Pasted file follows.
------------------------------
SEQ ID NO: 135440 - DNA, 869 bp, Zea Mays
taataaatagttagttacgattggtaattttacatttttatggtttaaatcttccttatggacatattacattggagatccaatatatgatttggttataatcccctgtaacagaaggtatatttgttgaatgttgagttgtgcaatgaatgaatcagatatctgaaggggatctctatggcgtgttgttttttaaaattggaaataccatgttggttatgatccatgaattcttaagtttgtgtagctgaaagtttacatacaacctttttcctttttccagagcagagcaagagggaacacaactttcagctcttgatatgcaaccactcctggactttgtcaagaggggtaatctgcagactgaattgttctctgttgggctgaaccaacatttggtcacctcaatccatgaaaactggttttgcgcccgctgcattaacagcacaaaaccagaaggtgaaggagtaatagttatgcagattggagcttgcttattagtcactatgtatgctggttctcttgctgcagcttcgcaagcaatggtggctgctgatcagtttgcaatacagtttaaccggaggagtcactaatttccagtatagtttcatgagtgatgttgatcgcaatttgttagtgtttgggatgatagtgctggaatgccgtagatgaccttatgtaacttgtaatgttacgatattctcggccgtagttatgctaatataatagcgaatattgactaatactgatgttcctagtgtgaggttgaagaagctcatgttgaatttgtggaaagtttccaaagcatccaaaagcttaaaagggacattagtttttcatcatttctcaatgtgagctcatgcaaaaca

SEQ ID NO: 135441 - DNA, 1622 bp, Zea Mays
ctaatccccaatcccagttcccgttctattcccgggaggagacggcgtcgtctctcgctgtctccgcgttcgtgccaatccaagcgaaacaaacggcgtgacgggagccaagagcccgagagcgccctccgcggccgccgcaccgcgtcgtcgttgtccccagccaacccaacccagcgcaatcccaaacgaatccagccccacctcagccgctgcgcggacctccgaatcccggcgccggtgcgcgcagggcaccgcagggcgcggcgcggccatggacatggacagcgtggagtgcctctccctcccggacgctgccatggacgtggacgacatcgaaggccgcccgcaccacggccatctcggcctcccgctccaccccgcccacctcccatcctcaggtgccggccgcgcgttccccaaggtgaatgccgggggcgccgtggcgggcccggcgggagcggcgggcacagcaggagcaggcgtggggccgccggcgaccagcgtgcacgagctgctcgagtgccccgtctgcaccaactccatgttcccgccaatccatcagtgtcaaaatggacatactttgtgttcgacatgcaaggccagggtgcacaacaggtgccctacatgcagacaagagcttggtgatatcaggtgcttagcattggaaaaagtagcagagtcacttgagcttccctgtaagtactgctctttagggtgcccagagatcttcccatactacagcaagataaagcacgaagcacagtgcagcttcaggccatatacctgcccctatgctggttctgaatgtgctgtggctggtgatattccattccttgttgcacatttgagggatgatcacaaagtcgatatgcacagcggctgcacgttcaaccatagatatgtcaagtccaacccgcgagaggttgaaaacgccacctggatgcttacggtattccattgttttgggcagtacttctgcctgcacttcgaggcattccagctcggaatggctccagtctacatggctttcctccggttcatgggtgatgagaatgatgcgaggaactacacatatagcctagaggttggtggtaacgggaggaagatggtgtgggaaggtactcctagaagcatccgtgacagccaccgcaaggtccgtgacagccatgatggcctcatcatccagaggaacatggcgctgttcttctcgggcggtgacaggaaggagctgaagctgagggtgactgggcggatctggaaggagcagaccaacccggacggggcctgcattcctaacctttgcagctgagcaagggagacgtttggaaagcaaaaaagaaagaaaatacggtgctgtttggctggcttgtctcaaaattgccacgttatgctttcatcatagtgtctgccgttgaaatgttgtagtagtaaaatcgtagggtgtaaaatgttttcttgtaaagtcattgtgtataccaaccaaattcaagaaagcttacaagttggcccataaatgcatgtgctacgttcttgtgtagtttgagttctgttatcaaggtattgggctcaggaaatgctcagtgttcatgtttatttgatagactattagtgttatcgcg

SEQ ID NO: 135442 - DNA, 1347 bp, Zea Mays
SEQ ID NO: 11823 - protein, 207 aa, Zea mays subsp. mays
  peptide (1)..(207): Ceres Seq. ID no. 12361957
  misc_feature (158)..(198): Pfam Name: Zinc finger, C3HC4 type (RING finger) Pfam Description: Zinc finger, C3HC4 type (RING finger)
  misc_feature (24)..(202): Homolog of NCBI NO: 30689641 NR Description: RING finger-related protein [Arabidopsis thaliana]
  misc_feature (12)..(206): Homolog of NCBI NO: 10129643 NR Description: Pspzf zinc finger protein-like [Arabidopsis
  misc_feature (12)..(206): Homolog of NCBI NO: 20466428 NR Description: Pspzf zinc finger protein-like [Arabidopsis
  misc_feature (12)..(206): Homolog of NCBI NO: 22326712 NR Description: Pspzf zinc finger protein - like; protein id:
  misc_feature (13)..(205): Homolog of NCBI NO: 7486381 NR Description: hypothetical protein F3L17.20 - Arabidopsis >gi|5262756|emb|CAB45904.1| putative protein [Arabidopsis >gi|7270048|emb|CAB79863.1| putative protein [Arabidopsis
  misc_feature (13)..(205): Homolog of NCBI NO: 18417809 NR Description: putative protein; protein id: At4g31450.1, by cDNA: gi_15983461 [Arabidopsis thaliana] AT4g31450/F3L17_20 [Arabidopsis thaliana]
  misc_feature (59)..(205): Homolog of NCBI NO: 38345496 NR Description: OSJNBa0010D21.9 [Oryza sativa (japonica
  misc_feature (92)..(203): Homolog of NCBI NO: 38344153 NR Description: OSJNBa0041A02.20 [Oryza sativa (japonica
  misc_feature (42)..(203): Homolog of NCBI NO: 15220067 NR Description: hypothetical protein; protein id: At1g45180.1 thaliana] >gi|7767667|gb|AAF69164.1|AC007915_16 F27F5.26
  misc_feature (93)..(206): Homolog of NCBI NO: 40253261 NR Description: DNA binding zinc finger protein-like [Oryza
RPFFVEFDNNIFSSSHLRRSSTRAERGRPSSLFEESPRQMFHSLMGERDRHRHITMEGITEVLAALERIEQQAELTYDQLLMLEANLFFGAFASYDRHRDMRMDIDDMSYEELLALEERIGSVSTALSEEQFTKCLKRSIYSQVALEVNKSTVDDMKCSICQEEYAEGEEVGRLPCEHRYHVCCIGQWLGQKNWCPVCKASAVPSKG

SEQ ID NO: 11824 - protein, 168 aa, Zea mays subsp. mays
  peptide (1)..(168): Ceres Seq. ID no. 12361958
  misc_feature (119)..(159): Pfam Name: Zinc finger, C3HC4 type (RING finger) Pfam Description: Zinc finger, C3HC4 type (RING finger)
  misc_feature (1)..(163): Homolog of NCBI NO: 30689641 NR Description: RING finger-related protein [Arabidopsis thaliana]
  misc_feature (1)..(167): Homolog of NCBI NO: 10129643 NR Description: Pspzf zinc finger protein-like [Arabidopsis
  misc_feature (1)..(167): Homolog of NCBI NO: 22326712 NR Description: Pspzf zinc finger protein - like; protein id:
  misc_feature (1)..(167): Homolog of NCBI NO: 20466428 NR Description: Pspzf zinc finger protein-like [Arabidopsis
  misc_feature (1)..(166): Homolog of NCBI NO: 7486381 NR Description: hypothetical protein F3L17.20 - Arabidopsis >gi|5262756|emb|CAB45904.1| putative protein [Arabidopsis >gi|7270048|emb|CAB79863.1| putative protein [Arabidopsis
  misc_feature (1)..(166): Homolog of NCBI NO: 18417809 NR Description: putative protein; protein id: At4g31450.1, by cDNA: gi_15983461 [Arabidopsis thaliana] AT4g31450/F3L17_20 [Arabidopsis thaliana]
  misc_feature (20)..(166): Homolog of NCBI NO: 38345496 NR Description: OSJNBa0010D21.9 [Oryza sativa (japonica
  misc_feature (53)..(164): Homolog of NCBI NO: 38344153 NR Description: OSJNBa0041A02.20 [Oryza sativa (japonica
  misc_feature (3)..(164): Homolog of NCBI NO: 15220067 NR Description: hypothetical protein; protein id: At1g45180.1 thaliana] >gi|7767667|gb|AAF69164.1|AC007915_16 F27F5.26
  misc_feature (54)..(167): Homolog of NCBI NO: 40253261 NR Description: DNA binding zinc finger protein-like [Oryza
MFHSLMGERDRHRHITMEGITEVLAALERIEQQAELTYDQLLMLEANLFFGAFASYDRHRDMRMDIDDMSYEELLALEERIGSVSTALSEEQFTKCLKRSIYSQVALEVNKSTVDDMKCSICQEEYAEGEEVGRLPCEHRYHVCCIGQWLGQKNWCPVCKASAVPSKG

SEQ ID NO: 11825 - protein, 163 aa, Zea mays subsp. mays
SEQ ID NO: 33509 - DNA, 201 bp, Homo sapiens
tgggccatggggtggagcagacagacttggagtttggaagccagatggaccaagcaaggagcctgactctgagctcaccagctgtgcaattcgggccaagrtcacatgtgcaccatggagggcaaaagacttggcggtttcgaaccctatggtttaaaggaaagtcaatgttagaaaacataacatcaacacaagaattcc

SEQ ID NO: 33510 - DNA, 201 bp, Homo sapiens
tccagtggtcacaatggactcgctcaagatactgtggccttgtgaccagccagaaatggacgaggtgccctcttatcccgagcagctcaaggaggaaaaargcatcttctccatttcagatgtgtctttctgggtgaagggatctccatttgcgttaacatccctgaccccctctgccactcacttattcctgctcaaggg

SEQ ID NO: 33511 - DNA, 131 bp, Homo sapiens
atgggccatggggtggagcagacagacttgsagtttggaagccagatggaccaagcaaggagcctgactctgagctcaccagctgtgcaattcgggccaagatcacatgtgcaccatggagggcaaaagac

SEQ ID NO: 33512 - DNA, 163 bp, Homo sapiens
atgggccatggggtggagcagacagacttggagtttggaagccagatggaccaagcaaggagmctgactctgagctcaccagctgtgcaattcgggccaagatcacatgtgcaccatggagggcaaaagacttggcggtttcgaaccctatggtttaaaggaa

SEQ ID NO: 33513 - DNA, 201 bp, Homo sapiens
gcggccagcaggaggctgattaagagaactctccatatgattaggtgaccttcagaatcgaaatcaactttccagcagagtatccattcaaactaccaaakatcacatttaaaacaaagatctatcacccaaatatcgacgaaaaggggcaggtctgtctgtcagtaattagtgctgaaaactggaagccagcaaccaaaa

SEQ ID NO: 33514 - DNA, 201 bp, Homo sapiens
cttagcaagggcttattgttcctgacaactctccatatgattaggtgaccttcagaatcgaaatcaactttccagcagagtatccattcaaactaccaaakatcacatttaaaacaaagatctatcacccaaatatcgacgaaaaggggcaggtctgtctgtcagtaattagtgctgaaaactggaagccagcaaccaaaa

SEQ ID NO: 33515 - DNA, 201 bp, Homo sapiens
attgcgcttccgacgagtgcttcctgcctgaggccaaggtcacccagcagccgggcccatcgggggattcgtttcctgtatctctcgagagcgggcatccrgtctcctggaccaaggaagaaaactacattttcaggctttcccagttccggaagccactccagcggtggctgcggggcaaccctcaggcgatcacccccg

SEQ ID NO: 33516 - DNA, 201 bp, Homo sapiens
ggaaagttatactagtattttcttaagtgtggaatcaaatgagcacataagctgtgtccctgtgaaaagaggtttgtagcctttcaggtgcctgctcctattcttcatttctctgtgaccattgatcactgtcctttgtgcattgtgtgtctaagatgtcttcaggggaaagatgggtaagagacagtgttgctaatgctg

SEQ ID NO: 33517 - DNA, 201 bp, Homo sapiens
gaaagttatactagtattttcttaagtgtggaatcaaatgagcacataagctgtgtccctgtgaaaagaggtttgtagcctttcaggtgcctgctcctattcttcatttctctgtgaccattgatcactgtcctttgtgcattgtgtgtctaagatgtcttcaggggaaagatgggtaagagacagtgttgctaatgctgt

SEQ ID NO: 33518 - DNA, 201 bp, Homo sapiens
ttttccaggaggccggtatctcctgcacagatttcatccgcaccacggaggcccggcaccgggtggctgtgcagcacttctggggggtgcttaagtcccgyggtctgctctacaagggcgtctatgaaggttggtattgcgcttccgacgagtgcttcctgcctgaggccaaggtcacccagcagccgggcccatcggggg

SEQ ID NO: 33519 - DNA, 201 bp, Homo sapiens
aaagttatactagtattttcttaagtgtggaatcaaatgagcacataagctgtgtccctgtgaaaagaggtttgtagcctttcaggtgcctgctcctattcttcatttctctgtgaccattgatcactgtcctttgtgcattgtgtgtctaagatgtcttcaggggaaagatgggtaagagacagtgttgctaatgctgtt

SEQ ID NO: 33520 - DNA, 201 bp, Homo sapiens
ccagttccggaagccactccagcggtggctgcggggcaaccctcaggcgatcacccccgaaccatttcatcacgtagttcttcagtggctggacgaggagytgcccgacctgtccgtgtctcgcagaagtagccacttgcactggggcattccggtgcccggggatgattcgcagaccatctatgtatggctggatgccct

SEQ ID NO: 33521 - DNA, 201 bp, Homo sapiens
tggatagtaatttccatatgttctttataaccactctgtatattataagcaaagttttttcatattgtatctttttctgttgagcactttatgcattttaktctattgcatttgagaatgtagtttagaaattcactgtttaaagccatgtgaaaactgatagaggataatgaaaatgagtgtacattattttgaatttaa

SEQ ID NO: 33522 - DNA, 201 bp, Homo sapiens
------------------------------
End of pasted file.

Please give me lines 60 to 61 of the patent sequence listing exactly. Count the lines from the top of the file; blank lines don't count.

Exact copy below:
tggatagtaatttccatatgttctttataaccactctgtatattataagcaaagttttttcatattgtatctttttctgttgagcactttatgcattttaktctattgcatttgagaatgtagtttagaaattcactgtttaaagccatgtgaaaactgatagaggataatgaaaatgagtgtacattattttgaatttaa

SEQ ID NO: 33522 - DNA, 201 bp, Homo sapiens